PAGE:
Happy Dez Bryant has new attitude

LONDON - The Wembley Stadium locker room was virtually empty when Dallas Cowboys coach Jason Garrett stopped by Dez Bryant’s locker for a fist bump.

“The only way I can describe those touchdowns today,” said Garrett, “is that you ran with reckless abandon.”

Bryant, a free agent at the end of the season, showed an international audience Sunday afternoon why he wants to be paid like one of NFL’s top receivers, and why he’s loathe to accept the low-ball offers the Cowboys keep emailing his representatives.

Bryant’s scintillating, tackle-breaking touchdown receptions of 35 and 68 yards in the second quarter blew open a close game and let the Cowboys give Tony Romo and DeMarco Murray half of the fourth quarter off.

Dallas 31, Jacksonville 17.

Bryant, with a towel wrapped around his waist and a smile on his face as he headed to the showers, said he’s more at peace than he has ever been in his life.

It’s hard to understand just how important that is for the 26-year-old Bryant. If you don’t know, he grew up in an environment you wouldn’t wish on anyone, about 150 miles southeast of Dallas in Lufkin, Texas.

“I’m not letting anyone steal my joy,” Bryant said with smile. “You can write that. You can write all of that.

“They need to quit trying. It ain’t happening. I’m not the same person. There’s been some growth. I’m not supposed to stay the same. Right?”

So Bryant was perturbed, but not angry, about the pregame reports that suggested he and several teammates missed a curfew Friday night. Garrett said the Cowboys had a bed check only Saturday night.

And Bryant was aggravated but understood why he didn’t have a pass directed his way in the second half after catching six passes for 158 yards and two touchdowns in the second quarter. No player in franchise history has ever had a more productive quarter.

“I though I might have a really big game after the second quarter,” he said, “but we’re really super balanced -- I mean, really super balanced -- and I love it.”

And Bryant said he really could not care less about folks criticizing his decision to change agents from well-respected Eugene Parker to music mogul Jay-Z’s Roc Nation.

That’s because Bryant knows the truth.

If he prepares and plays the way he’s capable the rest of this season, then he will get everything he wants: a trip to the playoffs, a lucrative new contract and respect -- even from his haters.

When asked if the Cowboys helped him become a better man, Bryant scoffed.

“No, everybody is entitled to their own opinion. I can’t control what they think. I can only control what I think,” he said. “I know what I’ve been doing. I know what I’m going to keep doing, and that’s be a great person and be great to my babies.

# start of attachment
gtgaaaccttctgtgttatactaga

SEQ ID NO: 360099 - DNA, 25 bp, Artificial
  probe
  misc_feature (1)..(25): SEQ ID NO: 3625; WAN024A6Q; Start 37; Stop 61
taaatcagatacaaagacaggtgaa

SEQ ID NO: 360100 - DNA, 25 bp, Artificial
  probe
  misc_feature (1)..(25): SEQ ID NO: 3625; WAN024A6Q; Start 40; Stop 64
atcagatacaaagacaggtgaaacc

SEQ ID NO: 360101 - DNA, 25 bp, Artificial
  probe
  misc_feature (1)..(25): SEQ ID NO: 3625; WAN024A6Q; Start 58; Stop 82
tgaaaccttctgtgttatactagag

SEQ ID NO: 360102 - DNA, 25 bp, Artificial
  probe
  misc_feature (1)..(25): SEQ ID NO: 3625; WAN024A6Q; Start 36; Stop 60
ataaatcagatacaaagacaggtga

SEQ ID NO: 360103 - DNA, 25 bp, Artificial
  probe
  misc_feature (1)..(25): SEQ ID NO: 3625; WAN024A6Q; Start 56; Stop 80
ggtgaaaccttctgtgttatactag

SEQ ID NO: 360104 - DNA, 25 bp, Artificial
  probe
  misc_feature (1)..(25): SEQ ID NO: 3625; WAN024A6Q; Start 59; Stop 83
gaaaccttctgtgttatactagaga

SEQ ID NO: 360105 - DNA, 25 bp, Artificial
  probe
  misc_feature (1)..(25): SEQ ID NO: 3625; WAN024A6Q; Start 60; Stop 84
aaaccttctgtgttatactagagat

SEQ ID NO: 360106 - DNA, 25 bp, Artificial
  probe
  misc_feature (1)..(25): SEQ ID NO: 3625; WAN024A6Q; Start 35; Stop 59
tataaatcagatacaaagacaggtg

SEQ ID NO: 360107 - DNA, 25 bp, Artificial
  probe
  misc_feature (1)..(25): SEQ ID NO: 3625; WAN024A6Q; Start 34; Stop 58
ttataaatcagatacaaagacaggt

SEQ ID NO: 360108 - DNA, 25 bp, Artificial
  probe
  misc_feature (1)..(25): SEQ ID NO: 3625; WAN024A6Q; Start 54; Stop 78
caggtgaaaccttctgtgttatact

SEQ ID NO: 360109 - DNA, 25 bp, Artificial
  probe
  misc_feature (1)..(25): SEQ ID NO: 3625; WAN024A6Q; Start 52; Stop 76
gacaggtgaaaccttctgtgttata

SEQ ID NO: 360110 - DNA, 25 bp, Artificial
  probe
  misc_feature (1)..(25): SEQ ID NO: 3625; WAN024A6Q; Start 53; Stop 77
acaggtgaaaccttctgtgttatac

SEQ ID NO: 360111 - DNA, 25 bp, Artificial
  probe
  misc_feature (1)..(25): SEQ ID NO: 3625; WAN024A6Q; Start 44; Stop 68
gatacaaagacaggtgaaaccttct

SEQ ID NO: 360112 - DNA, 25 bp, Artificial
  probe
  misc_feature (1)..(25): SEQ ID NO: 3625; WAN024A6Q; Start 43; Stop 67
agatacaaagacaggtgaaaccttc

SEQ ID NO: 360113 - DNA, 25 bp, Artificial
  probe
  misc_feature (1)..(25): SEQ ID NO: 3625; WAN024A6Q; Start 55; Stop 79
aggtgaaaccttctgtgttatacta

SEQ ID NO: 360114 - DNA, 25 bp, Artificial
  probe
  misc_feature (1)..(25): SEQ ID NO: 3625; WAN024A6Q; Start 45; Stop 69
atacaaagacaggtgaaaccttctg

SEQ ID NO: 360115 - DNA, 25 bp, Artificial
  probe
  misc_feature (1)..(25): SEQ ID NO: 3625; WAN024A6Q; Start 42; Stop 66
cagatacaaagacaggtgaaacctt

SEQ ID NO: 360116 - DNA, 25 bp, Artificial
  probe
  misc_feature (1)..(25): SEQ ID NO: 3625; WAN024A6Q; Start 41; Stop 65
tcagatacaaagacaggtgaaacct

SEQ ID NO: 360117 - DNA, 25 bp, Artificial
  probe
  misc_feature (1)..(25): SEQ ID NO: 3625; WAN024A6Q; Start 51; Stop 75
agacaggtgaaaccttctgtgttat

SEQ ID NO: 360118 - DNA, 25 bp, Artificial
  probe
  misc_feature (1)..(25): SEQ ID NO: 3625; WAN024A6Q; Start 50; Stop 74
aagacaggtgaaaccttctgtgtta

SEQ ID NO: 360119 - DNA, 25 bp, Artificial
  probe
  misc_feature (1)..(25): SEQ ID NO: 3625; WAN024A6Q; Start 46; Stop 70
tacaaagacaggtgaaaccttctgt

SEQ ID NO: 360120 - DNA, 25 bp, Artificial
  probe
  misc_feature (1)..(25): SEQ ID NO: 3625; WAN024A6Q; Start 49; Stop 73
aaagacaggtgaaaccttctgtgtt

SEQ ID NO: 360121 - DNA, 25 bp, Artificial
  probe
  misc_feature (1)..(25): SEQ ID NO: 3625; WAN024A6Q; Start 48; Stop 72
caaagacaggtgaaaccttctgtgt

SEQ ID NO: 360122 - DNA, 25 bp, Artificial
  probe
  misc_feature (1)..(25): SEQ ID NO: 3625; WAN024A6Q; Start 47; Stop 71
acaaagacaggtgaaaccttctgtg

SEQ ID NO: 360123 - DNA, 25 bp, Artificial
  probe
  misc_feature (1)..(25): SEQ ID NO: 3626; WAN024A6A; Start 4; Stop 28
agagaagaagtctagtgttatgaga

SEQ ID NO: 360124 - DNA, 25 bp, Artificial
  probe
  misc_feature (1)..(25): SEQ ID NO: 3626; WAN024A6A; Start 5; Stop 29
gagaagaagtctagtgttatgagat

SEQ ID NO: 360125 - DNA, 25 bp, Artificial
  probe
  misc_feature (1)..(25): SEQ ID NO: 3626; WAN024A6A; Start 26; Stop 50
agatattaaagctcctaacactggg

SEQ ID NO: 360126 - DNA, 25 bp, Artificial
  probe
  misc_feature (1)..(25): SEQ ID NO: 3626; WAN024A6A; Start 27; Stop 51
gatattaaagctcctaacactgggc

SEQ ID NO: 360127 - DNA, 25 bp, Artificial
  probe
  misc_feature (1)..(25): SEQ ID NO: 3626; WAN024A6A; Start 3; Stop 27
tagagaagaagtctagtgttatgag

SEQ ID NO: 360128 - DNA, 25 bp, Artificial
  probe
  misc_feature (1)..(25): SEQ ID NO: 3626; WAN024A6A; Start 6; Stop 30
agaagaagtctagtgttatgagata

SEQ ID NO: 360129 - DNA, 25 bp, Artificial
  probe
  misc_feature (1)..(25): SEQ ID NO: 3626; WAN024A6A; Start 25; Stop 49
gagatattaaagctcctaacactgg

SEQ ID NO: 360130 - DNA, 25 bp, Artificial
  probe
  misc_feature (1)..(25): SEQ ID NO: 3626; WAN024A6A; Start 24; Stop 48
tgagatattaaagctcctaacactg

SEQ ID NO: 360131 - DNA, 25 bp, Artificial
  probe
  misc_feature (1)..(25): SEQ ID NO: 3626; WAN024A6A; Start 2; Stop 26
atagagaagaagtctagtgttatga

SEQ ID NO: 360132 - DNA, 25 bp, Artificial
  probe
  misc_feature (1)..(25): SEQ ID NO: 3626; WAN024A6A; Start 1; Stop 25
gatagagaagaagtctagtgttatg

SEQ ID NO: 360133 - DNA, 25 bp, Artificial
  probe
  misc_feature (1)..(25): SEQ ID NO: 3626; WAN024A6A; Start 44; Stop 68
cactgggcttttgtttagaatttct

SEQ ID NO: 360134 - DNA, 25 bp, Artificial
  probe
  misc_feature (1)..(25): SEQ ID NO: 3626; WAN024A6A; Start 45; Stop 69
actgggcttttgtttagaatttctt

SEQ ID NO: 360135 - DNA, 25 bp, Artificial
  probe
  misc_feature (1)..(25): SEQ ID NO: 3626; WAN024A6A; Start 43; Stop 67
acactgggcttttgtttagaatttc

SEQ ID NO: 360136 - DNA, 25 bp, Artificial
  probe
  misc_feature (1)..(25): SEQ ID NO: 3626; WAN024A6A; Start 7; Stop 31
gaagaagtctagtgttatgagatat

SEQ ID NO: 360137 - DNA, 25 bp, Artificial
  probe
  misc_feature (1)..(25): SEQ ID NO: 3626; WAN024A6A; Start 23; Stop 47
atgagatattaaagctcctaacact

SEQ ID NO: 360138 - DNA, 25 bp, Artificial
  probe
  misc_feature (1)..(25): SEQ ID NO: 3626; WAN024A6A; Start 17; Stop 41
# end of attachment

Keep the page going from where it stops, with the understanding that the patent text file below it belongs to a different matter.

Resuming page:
“They watch me every day. I have to set an example. Ten years from now, I want my kids to say good stuff about their daddy. I don’t talk about opinions that don’t matter anymore. That used to kill me, but I’ve got my babies watching.”

If Bryant’s kids watched Sunday’s game, then they saw why their daddy yearns to be paid like the best in the game.

Leading 10-7 midway through the second quarter, Bryant lined up in the left slot and caught a short crossing route.

What happened next was pure athleticism.

First, Bryant beat safety Johnathan Cyprien to the sideline and turned upfield. He eluded a defender when he cut inside at the 10, ran through a tackle at the 5 and split two more defenders at the goal line as he willed himself into the end zone, giving the Cowboys a 17-7 lead.

After forcing a Jacksonville punt with 39 seconds left in the half, the Cowboys took over at their own 32. Play-caller Scott Linehan decided to give Romo and Bryant an opportunity to make a play.

Actually, Jacksonville made the decision easy when Romo noticed the Jaguars were playing man-to-man and there was no safety to provide a double team.

Bryant easily beat Dwayne Gratz at the line of scrimmage, caught the ball in stride at about the 35 and dragged Cyprien the final 8 yards into the end zone.

“Dez really made a couple of great plays for us, plays that kind of changed the game,” Garrett said. “When you catch the ball 5 yards down the field and you make the run that he makes and then the play down the sideline, those are huge for us. Those are difference-making plays that allowed us to get ahead.”

That’s what playmakers do. It’s why Dallas drafted him and why he’s going to be one of the highest-paid receivers in the game next year, whether the Cowboys give him a long-term deal or put the franchise tag on him, which would pay him a one-year salary of about $12.5 million.

Either way, Bryant has promised not to let anyone steal his joy.